PUBLISHER'S NOTE: The 'Motherisk' fiasco gets worse and worse - and that's too bad because women could benefit from a program which provides positive, accurate health information to prospective mothers, free of influence by drug companies. As The Star reports today: "The Motherisk program came under fire in late 2014 after the Star exposed concerns about the reliability of its drug and alcohol hair tests, which were used in thousands of child protection cases and were often accepted without question as proof of parental substance abuse. Sick Kids shuttered the lab and issued a public apology in 2015 for “unacceptable” practices after completing an internal probe. But the hospital has continued to house Motherisk and support its other functions, which include popular helplines for expectant and lactating women and their doctors. The call centre responds to 30,000 calls per year, according to 2015 statistics on Motherisk’s website, which describes the advice it provides as “scientific” and “evidence-based.” Today's story challenges the Hospital's claim that the advice it gives is "scientific" and "evidenced-based." All we get from the hospital are "alternative" truths, meant to make us believe that all's fine, some changes have been made in the system, now let us get on with our fund-raising and important work. (Oooops. I'm getting a tad cynical. HL). But I still can't get out of my mind the specter of innocent parents who were betrayed by this hospital's supposed gold standard of drug tests, face criminal charges, and may lose their children forever. Where is the accountability. This hospital has a board of directors supposedly at the helm. Too much has happened on their watch. If it was any other hospital - and not the 'world class' Sick Kids - the Ontario government would have turfed out the Board, and taken control. That should have been the case. This is the Hospital that failed too learn the lessons from the Charles Smith disaster that occurred on its watch as well. Today's Star story represents one more straw in the Hospital's troubled history. (Remember Steven Yuz? Remember Susan Nelles? Remember Nancy Olivieri? Remember Lisa Shore" Remember Sanchia Bulgin). It does not deserve the public trust.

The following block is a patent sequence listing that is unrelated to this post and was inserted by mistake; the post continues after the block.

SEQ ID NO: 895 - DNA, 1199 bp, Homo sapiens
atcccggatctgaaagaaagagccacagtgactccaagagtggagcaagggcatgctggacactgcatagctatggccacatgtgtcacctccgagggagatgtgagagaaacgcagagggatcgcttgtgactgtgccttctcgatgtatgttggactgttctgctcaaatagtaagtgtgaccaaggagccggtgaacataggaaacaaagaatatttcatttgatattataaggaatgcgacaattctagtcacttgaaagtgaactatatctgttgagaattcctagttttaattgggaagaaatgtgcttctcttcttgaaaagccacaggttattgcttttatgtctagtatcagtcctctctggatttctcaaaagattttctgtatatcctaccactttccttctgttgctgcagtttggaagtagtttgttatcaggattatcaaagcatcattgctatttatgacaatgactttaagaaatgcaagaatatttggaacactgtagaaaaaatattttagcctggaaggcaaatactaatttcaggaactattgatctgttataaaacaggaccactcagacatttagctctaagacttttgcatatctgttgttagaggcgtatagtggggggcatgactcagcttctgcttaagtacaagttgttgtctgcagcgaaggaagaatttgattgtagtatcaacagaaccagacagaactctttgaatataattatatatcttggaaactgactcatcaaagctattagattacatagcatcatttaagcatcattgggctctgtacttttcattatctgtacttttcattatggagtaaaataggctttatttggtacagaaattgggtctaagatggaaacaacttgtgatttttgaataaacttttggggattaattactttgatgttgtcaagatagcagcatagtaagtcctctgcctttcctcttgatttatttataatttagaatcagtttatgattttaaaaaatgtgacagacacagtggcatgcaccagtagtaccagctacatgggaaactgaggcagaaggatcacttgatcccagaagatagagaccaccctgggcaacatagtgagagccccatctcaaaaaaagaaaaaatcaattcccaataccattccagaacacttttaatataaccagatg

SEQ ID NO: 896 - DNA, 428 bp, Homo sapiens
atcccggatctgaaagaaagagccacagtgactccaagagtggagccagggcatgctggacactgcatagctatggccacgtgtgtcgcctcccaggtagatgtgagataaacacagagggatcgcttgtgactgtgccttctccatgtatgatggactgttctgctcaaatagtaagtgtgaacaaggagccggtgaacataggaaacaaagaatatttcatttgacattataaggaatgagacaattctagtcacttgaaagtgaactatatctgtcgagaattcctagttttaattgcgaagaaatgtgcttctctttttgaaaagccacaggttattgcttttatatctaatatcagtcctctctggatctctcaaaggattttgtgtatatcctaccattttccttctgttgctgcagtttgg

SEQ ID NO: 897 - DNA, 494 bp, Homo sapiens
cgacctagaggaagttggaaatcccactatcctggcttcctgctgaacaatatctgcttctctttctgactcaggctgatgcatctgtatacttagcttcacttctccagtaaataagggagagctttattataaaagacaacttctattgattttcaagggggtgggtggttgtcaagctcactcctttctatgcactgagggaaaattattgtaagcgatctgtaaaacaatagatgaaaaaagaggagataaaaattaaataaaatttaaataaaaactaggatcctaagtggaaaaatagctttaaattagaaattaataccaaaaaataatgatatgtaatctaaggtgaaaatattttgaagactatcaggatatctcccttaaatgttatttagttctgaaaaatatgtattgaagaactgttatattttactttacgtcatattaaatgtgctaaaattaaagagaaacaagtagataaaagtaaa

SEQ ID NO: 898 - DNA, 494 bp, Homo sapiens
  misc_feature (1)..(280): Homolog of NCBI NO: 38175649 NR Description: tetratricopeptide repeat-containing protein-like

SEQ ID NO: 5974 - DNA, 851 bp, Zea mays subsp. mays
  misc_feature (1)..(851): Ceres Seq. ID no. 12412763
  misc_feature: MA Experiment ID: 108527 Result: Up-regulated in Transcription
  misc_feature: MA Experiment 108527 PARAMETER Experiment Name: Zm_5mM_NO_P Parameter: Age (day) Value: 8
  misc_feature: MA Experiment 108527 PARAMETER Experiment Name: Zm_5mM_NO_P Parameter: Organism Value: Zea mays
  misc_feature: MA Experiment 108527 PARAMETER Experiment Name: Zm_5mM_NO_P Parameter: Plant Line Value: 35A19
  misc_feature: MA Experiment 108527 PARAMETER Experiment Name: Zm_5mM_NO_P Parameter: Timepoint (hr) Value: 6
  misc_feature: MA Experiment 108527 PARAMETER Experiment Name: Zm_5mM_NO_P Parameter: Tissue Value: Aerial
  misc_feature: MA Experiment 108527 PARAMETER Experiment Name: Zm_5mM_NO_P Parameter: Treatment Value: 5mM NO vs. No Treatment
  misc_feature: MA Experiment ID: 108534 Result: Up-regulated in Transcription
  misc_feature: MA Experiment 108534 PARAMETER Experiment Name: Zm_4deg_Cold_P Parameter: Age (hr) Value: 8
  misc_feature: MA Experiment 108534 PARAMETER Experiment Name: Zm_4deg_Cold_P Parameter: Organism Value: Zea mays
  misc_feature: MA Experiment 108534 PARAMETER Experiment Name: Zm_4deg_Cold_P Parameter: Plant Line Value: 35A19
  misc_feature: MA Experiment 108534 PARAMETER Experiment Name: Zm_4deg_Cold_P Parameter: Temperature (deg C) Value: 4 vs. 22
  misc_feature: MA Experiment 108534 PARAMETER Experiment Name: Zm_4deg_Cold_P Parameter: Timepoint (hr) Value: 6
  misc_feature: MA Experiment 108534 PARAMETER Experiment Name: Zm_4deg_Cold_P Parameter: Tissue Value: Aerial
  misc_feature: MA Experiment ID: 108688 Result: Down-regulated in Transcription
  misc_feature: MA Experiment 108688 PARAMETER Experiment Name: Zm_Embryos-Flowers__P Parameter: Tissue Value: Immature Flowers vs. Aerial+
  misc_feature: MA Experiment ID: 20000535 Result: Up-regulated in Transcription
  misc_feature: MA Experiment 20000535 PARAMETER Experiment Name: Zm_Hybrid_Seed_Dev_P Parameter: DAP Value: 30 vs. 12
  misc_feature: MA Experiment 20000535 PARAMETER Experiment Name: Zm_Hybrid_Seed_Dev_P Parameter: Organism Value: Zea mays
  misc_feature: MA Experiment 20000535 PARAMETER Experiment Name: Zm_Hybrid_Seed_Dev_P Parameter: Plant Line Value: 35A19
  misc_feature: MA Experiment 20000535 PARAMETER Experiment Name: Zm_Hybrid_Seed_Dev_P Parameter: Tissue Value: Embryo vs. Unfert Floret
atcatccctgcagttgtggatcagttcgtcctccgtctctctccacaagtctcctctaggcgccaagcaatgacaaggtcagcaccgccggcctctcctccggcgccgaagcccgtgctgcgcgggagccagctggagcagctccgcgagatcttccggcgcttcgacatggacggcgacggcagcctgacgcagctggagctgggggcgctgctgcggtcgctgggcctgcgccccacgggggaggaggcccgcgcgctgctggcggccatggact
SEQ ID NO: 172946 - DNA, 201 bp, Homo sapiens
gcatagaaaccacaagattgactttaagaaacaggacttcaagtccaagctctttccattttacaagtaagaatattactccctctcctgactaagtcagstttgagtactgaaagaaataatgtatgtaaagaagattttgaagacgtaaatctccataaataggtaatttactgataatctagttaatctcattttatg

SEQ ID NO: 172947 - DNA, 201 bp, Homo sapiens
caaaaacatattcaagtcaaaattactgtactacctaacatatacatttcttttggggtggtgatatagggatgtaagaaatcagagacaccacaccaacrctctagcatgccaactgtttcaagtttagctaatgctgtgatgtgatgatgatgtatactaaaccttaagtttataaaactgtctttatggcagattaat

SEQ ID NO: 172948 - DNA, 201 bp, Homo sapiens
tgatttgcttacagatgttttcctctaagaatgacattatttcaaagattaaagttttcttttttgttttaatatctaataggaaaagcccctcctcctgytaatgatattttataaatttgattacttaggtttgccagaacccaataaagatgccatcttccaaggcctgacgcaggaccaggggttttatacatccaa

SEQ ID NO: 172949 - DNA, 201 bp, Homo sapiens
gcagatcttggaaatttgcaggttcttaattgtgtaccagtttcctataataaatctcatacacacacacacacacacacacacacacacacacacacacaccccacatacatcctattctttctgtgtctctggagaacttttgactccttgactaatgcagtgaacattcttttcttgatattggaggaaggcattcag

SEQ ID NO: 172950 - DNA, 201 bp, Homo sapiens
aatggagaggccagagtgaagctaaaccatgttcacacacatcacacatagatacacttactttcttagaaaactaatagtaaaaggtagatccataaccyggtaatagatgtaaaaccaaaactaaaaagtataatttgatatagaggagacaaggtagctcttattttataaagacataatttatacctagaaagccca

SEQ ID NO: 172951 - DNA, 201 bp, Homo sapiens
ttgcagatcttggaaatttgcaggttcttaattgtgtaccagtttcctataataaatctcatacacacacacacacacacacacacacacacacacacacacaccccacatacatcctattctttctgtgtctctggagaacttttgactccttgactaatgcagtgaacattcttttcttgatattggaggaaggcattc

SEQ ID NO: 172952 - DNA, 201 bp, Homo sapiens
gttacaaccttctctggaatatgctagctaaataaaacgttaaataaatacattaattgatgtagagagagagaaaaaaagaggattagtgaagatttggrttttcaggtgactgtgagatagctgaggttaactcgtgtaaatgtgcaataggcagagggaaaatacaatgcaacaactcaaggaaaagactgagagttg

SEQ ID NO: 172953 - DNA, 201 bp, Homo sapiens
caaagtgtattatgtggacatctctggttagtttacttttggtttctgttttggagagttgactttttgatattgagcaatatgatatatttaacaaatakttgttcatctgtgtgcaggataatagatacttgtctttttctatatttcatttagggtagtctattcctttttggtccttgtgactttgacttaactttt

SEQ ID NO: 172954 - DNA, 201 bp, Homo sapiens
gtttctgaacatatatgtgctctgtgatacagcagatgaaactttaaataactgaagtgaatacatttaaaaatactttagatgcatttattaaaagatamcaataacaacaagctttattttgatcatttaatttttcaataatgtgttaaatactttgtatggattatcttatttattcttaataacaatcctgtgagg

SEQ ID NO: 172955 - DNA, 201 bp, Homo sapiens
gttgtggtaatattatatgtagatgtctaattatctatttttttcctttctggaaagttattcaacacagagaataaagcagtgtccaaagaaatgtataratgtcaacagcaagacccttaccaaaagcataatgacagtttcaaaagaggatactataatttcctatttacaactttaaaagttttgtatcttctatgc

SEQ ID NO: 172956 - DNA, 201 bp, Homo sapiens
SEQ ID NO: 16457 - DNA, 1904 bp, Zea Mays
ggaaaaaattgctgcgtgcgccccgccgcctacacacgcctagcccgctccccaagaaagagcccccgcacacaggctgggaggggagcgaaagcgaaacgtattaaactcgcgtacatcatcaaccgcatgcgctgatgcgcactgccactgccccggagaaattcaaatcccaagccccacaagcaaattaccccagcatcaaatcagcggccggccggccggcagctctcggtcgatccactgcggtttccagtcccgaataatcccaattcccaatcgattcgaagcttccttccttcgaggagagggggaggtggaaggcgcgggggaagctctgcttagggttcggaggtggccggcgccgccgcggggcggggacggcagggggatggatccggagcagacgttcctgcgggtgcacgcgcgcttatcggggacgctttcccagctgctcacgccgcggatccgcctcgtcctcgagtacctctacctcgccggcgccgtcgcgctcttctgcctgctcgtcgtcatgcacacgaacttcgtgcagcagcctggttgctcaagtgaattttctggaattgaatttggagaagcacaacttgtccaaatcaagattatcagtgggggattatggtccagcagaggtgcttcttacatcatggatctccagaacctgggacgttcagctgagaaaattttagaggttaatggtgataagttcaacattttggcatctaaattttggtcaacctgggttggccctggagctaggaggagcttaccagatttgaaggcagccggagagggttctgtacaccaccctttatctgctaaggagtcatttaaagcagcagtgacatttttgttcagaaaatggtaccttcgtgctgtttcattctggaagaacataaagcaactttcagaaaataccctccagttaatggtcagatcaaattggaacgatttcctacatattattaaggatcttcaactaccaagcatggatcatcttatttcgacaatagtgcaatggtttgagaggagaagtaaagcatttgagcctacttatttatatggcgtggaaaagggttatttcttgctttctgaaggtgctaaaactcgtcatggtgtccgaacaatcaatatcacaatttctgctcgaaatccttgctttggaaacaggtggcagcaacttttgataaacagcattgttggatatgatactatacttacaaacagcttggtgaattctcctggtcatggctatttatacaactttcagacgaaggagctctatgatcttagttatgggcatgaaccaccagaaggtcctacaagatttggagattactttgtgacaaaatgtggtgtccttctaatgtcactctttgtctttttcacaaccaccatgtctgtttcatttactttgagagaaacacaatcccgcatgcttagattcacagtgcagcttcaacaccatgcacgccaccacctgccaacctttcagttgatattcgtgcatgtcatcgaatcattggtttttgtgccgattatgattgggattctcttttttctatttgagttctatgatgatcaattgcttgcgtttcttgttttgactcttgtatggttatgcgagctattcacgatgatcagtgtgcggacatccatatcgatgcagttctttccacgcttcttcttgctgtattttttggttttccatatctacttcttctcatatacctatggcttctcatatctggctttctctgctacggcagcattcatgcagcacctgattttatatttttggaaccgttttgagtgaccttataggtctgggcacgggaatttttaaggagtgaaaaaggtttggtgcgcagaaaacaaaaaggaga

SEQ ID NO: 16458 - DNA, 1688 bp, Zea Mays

Harold Levy: Publisher: The Charles Smith Blog.
STORY: "Medical journal withdraws recommendation of morning sickness pill," by Jesse McLean, David Bruser, and Rachel Mendleson, published by The Toronto Star on January 26, 2017.
SUB-HEADING: "Canadian Family Physician journal no longer recommends Diclectin as the go-to treatment, renouncing guidelines by embattled Motherisk."
PHOTO CAPTION: "Toronto Dr. Nav Persaud's research has exposed flaws in the evidence supporting the efficacy of the popular morning sickness drug Diclectin."